I launched into my winemaking career in 2009, right here in the Finger Lakes, working at Lucas Vineyards for a few years. I left to travel and chase harvests, working in Sonoma, New Zealand, Virginia, Napa, and Australia before settling down again in California. I caught the travel bug again in 2019 and left for Italy to pursue a Master’s degree in viticulture and enology. Once completed, I had the opportunity to decide where in the country I wanted to make wine and I knew the Finger Lakes was where I wanted to be.
Why did you choose to make wine here?
I had never stopped thinking about the Finger Lakes (and talking it up to anyone who would listen) after my first experience in the region. The wines from this area are exciting, vibrant, and diverse. I think the area has a bright future and I want to be part of its growth and evolution. There is an excitement and curiosity in the industry here that I missed when working in other parts of the world and I am thrilled to be back.
How would you describe your winemaking style?
I consider myself a crafts-person and any wine to be the sum of innumerable decisions, large and small. When I start with good materials the work is easier, I can step back and let the wine shine. As a winemaker, however, I need to know and understand the toolkit that I have at my disposal because not all vintages are going to be ideal or equivalent. I try to look at every wine individually and create a roadmap for it, knowing that sometimes patience pays off and sometimes a timely intervention can lead to a better final product.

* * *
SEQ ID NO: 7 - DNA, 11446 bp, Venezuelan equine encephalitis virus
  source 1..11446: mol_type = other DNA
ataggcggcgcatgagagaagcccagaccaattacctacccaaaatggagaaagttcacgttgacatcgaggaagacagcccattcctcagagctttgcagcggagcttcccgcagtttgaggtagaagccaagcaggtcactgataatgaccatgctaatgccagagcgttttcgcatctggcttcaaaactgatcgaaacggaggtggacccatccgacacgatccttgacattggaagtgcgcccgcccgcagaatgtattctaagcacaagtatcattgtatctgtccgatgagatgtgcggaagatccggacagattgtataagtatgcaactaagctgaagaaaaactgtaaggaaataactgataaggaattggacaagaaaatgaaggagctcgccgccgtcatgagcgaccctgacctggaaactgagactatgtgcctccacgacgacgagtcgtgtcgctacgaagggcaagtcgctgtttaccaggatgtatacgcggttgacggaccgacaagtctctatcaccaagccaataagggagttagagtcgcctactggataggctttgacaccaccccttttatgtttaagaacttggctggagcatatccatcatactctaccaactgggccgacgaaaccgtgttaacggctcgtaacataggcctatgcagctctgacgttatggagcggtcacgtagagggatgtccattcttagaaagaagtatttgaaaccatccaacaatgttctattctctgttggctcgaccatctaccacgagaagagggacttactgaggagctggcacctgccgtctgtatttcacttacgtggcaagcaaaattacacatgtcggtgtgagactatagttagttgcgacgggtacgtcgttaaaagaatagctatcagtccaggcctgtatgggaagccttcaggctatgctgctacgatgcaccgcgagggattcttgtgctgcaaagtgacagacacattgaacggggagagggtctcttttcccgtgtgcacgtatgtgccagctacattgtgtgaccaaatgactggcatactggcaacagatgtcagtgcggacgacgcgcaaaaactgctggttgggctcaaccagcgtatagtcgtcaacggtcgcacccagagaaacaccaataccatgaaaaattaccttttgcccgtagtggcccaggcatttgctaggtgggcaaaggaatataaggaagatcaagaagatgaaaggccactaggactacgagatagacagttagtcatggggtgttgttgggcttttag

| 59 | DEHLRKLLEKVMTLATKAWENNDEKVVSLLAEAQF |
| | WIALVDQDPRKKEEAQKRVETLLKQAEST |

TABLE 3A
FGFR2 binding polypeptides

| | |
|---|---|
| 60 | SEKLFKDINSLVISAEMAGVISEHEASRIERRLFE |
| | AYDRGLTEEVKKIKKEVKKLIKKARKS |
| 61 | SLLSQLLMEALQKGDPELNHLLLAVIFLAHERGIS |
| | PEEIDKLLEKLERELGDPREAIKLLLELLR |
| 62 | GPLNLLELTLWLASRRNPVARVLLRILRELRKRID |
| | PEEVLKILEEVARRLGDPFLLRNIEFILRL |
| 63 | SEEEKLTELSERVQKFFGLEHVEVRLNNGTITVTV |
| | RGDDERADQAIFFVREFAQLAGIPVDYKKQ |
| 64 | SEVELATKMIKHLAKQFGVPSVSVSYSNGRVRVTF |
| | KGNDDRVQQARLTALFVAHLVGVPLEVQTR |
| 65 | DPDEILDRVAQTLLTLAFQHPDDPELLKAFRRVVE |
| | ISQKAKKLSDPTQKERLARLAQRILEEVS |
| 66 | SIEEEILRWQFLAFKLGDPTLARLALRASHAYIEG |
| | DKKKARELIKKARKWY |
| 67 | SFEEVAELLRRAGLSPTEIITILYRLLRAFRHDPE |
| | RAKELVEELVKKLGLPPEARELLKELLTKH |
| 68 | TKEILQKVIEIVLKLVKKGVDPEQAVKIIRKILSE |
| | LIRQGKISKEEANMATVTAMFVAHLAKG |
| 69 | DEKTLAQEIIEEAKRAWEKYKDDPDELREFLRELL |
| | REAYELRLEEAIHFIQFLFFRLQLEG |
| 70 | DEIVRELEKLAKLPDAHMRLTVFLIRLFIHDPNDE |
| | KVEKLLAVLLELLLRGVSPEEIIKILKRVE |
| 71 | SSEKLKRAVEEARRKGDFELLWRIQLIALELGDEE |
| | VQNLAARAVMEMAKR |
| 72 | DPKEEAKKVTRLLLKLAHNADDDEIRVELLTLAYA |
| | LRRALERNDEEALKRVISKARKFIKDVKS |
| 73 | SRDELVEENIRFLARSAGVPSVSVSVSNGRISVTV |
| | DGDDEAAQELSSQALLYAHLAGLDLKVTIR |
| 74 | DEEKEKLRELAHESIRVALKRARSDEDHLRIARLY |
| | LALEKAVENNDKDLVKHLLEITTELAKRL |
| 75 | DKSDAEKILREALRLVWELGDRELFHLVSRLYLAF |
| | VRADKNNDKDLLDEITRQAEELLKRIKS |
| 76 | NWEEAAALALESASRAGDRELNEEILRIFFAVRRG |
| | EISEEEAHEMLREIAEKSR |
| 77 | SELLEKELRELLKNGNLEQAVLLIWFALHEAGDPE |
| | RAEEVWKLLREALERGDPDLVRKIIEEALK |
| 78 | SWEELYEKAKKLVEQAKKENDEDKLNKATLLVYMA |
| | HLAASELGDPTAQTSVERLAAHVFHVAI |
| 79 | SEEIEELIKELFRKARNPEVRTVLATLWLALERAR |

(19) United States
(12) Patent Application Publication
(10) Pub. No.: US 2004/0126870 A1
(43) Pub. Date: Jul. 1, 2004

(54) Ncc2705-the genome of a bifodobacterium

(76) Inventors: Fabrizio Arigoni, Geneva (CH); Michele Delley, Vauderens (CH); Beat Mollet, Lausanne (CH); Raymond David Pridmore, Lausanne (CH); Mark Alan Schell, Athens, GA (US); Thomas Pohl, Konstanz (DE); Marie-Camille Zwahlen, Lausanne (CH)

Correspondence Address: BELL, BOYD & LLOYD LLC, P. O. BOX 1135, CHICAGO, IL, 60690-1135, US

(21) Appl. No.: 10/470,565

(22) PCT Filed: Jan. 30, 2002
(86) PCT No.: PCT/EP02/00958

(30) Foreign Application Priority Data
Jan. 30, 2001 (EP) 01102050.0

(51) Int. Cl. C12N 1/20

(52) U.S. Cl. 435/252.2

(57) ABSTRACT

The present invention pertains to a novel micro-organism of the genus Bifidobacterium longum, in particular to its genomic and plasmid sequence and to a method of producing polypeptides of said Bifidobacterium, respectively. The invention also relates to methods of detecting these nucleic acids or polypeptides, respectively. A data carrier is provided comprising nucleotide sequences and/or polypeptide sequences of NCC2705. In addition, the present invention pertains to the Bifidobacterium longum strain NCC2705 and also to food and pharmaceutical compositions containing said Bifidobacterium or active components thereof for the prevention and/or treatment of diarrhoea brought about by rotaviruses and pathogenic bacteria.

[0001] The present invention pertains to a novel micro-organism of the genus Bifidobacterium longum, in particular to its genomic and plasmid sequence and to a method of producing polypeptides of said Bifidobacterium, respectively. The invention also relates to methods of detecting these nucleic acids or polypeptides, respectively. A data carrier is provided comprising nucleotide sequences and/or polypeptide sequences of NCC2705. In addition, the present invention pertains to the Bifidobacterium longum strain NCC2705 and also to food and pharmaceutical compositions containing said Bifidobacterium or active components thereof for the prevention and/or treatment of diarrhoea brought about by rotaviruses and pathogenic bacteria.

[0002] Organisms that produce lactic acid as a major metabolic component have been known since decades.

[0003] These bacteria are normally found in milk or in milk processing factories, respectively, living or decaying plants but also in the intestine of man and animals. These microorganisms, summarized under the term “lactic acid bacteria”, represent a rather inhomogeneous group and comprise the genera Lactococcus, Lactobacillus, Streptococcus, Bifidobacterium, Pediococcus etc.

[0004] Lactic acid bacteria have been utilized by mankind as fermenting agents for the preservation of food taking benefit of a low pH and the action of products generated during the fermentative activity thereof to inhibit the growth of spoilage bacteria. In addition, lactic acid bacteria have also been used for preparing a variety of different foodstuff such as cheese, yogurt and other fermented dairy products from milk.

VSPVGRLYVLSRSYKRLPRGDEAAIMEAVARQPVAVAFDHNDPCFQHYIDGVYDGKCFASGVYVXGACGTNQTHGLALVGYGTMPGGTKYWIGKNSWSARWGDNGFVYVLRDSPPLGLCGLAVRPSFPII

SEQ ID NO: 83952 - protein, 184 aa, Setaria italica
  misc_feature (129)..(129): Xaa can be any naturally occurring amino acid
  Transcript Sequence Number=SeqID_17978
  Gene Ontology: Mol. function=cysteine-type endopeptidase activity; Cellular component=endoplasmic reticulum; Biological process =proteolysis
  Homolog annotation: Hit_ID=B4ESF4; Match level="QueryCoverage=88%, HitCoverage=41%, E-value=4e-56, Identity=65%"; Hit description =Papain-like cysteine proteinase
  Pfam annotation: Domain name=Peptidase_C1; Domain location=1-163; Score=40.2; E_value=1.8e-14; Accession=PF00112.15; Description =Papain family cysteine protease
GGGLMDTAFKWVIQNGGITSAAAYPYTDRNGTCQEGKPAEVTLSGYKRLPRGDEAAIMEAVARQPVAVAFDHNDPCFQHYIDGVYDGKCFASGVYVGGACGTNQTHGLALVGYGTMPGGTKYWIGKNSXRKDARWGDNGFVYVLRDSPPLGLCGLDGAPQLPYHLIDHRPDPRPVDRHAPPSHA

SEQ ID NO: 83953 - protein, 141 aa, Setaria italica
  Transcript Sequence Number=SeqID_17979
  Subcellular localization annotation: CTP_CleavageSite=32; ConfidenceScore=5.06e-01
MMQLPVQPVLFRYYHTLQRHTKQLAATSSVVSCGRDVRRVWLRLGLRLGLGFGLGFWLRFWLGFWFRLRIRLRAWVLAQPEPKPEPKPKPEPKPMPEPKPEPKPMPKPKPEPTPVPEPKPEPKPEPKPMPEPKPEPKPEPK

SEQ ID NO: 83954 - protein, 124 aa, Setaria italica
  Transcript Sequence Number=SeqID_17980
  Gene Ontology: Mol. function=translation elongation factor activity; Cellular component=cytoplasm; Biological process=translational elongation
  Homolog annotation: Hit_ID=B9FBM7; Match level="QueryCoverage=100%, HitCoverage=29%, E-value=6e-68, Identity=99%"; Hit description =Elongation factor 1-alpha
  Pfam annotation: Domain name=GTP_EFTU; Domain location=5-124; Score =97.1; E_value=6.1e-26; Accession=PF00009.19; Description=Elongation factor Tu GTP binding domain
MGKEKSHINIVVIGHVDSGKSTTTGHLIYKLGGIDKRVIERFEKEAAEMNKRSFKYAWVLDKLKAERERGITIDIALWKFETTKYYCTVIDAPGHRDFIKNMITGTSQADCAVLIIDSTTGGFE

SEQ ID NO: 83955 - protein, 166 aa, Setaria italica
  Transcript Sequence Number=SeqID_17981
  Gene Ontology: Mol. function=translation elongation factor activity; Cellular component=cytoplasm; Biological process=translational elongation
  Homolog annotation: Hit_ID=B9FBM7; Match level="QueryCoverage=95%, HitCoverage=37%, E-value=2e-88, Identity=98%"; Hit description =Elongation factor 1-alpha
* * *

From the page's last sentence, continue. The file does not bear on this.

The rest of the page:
What wine do you love to drink… and your favorite to make?
I love both drinking and making Syrah, especially cool climate Syrah. The wine can be such a chameleon, showcasing the vintage and place so clearly that I am always excited to taste and work with it.
The harvest beard. Never miss a vintage.
What advice do you have for aspiring winemakers?
Broaden your experience as much as you can while still early in your career. Travel, work for large places to learn about efficiencies and GMP’s, work for small places to learn about passion and ingenuity. Do all the jobs, embrace the grunt work, learn how to clean obsessively and develop a healthy winemakers’ paranoia. Think of it like practicing your scales on an instrument before you can improvise, having a good foundation in the basics is essential.
The Edible Finger Lakes Meet Your (Wine) Maker column is developed in partnership with the Finger Lakes Wine Alliance whose mission is to increase the visibility and reputation of the Finger Lakes AVA, its wines, and wineries.